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FOOD 4090 Study Guide - Final Guide: Insulin Resistance, Enteric Coating, Homeopathy

by

Department
Food Science
Course Code
FOOD 4090
Professor
Doug Goff
Study Guide
Final

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Functional Foods and Nutraceuticals & Health Claims (part 1)
Food
Any nutritious substance that people eat or drink to maintain life and
growth
Optimal Nutrient Intake
We want to eat and behave in such a way that we’re not inly healthy but
healthier for longer in the future
- Prevent deficiencies
- Maintain healthy weights
- Optimize health & Delay degenerative diseases
Metabolic Syndrome
Combination of factors that greatly increases risk of developing CVD
- High fasting
- Blood glucose / insulin resistance
- Central obesity
- Hypertension
- Low blood HDL cholesterol
- Elevated blood triglycerides
Nutritionism
Reductionist theory
- Foods are the sum of their nutrient parts
Functional Food
Similar in appearance to (or may be) a conventional food consumed
as part of a usual diet
- Has physiological benefits
- Needs to be shown to have therapeutic effects
- Reduces the risk of chronic disease beyond basic nutritional
functions (optimizing health)
Examples
- Basic foods (salmon)
- Processed foods with added ingredients
(yogurt w/ plant sterols = added effects beyond basic yogurt)
- Foods biologically enhanced = more functional components
(omega-3 enriched eggs)
Nutraceutical
A product isolated/purified from foods “bioactive isolates”
- Has physiological benefits
- Provides protection against chronic disease
- Ie. In pill form
Bio-active substance
Like a nutraceutical but it’s the actual material in functional foods that

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has the bio-activity which makes it functional
- Favourable effect on health
- Includes nutrients, non-nutrient foods, and other substances with
medicinal properties from non-food sources
- Ie. Vitamins, minerals, probiotics
Natural Health Products
(NHPs)
Naturally occurring substances, homeopathic medicines, traditional
medicines
- Provide pharmacological activity such as…
o ie. Diagnosing / treating / preventing disease
o ie. Restoring / modifying organic functions
- Restore or maintain good health
- ie. Capsules, solutions, creams, ointments, drops
So, they are bioactive substances AND nutraceuticals
Dietary Supplements
US term for NHP in Canada
- Contains a “dietary ingredient” intended to supplement diets
- Ie. Vitamins, minerals, herbs, capsules, liquids, tablets
- Ie. Extracts, concentrates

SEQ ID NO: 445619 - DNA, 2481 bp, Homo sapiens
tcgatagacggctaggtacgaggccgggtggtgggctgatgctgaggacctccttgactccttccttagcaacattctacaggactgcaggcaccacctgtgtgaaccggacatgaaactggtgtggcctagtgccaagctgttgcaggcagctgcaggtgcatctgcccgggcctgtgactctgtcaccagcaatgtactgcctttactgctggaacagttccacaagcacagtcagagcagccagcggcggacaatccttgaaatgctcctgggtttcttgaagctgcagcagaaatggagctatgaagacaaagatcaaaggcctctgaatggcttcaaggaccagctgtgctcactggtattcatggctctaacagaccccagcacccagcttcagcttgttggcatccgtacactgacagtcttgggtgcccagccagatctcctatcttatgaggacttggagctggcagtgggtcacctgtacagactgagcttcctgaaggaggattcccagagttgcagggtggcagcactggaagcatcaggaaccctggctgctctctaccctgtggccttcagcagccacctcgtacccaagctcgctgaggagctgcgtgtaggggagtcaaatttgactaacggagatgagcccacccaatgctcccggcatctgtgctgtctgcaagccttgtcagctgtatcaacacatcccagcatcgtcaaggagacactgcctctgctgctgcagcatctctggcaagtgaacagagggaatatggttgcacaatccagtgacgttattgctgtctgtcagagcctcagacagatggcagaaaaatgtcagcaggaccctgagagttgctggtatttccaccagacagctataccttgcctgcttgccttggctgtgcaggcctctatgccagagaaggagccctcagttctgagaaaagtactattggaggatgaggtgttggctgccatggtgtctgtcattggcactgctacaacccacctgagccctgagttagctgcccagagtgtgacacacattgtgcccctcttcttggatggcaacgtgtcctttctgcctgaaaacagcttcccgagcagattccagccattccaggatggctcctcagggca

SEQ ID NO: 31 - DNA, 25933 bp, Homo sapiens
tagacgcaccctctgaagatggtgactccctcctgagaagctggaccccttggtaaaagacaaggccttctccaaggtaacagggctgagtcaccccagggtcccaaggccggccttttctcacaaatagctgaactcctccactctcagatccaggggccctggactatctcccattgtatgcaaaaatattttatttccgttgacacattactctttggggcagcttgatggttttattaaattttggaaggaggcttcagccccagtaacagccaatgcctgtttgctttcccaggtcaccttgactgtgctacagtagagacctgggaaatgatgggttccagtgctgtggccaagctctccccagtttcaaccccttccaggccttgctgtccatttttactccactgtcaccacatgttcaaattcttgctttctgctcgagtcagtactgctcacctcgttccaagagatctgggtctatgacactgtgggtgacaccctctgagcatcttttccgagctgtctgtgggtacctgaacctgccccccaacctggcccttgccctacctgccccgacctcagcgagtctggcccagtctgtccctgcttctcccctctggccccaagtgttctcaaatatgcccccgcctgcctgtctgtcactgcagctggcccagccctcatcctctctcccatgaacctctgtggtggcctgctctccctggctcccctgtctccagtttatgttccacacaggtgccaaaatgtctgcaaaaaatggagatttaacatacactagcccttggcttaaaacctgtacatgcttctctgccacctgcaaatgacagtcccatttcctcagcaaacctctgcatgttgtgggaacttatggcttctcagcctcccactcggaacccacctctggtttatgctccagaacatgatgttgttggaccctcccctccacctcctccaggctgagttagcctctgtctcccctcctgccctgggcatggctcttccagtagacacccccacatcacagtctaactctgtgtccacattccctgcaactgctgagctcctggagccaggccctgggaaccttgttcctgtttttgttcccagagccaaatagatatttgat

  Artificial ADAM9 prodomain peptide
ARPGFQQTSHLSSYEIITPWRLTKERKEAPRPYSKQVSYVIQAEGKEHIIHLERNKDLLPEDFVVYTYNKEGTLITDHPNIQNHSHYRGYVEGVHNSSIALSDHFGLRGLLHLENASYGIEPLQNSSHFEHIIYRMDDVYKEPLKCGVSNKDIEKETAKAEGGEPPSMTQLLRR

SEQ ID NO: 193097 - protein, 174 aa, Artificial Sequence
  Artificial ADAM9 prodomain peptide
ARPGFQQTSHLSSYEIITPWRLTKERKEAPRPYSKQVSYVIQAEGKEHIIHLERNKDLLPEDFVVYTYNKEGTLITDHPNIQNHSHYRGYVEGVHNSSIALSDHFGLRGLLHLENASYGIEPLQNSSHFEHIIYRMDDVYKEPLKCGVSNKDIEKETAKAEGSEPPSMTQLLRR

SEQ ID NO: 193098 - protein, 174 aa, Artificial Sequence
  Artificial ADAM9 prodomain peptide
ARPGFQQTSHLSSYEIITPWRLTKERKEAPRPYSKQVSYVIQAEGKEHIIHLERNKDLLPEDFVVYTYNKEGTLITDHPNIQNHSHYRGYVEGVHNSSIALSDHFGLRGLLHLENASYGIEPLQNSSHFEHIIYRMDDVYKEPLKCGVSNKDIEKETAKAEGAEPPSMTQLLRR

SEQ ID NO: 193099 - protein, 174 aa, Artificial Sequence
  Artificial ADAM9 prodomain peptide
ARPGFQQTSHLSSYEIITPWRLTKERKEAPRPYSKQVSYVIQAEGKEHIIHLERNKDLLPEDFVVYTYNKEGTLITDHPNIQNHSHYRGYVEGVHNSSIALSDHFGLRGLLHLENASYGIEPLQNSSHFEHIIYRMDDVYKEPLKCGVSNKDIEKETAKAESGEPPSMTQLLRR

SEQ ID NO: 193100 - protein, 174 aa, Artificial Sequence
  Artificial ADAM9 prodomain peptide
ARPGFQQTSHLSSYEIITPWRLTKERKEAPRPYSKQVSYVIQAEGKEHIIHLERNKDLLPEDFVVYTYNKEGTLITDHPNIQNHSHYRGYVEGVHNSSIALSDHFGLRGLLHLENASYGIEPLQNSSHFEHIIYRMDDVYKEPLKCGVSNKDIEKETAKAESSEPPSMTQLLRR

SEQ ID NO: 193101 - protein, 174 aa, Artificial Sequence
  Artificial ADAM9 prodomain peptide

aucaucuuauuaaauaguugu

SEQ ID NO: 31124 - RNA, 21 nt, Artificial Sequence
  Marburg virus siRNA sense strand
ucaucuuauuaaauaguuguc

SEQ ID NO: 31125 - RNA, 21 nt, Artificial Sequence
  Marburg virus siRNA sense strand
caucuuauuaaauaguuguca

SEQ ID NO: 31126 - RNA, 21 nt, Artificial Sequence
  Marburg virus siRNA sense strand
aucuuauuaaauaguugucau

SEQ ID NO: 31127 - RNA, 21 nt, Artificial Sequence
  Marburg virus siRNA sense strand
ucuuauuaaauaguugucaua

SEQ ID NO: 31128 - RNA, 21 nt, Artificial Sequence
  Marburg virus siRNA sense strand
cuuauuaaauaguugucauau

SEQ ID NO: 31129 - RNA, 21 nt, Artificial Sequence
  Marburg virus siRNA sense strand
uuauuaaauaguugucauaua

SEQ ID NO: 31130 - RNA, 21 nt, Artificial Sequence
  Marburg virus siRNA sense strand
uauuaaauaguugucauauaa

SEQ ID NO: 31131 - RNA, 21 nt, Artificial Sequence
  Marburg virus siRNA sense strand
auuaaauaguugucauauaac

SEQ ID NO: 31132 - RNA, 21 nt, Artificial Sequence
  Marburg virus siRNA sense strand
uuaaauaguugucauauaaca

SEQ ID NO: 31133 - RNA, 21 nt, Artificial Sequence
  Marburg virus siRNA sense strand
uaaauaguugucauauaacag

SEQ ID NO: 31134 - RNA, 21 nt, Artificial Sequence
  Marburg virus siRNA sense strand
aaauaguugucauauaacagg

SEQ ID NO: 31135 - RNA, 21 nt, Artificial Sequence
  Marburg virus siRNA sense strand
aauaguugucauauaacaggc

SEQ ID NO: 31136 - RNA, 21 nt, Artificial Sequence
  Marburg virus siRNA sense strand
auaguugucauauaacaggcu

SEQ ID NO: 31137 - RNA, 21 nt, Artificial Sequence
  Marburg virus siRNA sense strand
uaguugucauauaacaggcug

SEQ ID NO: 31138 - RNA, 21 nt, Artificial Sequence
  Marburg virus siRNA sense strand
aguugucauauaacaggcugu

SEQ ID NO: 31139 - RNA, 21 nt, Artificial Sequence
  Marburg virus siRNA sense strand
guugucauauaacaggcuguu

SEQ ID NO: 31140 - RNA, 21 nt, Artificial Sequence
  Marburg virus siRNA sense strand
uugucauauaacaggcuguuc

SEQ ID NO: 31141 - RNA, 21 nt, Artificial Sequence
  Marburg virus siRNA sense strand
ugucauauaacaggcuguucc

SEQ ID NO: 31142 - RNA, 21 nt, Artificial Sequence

“Non-nutrient” NHP’s
Non-food sources
- ie. Bark, leaves, stems, roots, microbes
- ie. Shampoo
Functional Food
Classification
Determined by Dose & Individual
- Functional Food: Needs to be shown to have therapeutic effects
o Reduces the risk of chronic disease beyond basic nutritional
functions (optimizing health)
- Ie. Old man with pre-existing CVD vs. young boy (both eating fatty
fish at the same dose) = fatty fish is a functional food for the old
man
Challenges to Eating “Functionally”
Dietary Variation
Need to eat lots to get up to the recommendations
- One of the reasons why people just take supplements
(convenience in variation)
Variation of Bioactive
Compounds
Foods can have lots of natural variation

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Driving Forces
Consumer
- More interested in their own health
- What’s more convenient? Popular?
- Multi-culturalism (traditional medicines)
- Demographics
Producer
New technology = more competition = profit
Researcher
Scientific support (or not)
Government
Health care costs
Regulations
Food & Drug Regulations
- Foods (including some functional foods)
- Drugs
Natural Health Product
Regulations
- Nutraceuticals
- Other NHP’s
Food vs. Natural Health Product?
A food…
- Provides nourishment / nutrition / hydration
= satisfy hunger / thirst / desire for taste, texture, or flavor
- Has historical pattern of use as a food (or public perception as a
food)
NHP’s…
- Sold in a form that enables dosing
- Has historical pattern of therapeutic use (or public perception as
therapeutic)
Food-like NHP’s
- Food contains a substance listed in the NHP regulations at a
level that isn’t permitted in food (under the F&D regulations)
- Makes a claim for therapeutic use that isn’t permitted to be
made for a food (under the F&D regulations)
- Has added ingredients with no food purpose
- Has a food ingredient at a level incompatible with use as a
food
Examples
- Juices, waters, energy drinks, protein bars
- Soups, teas, gums
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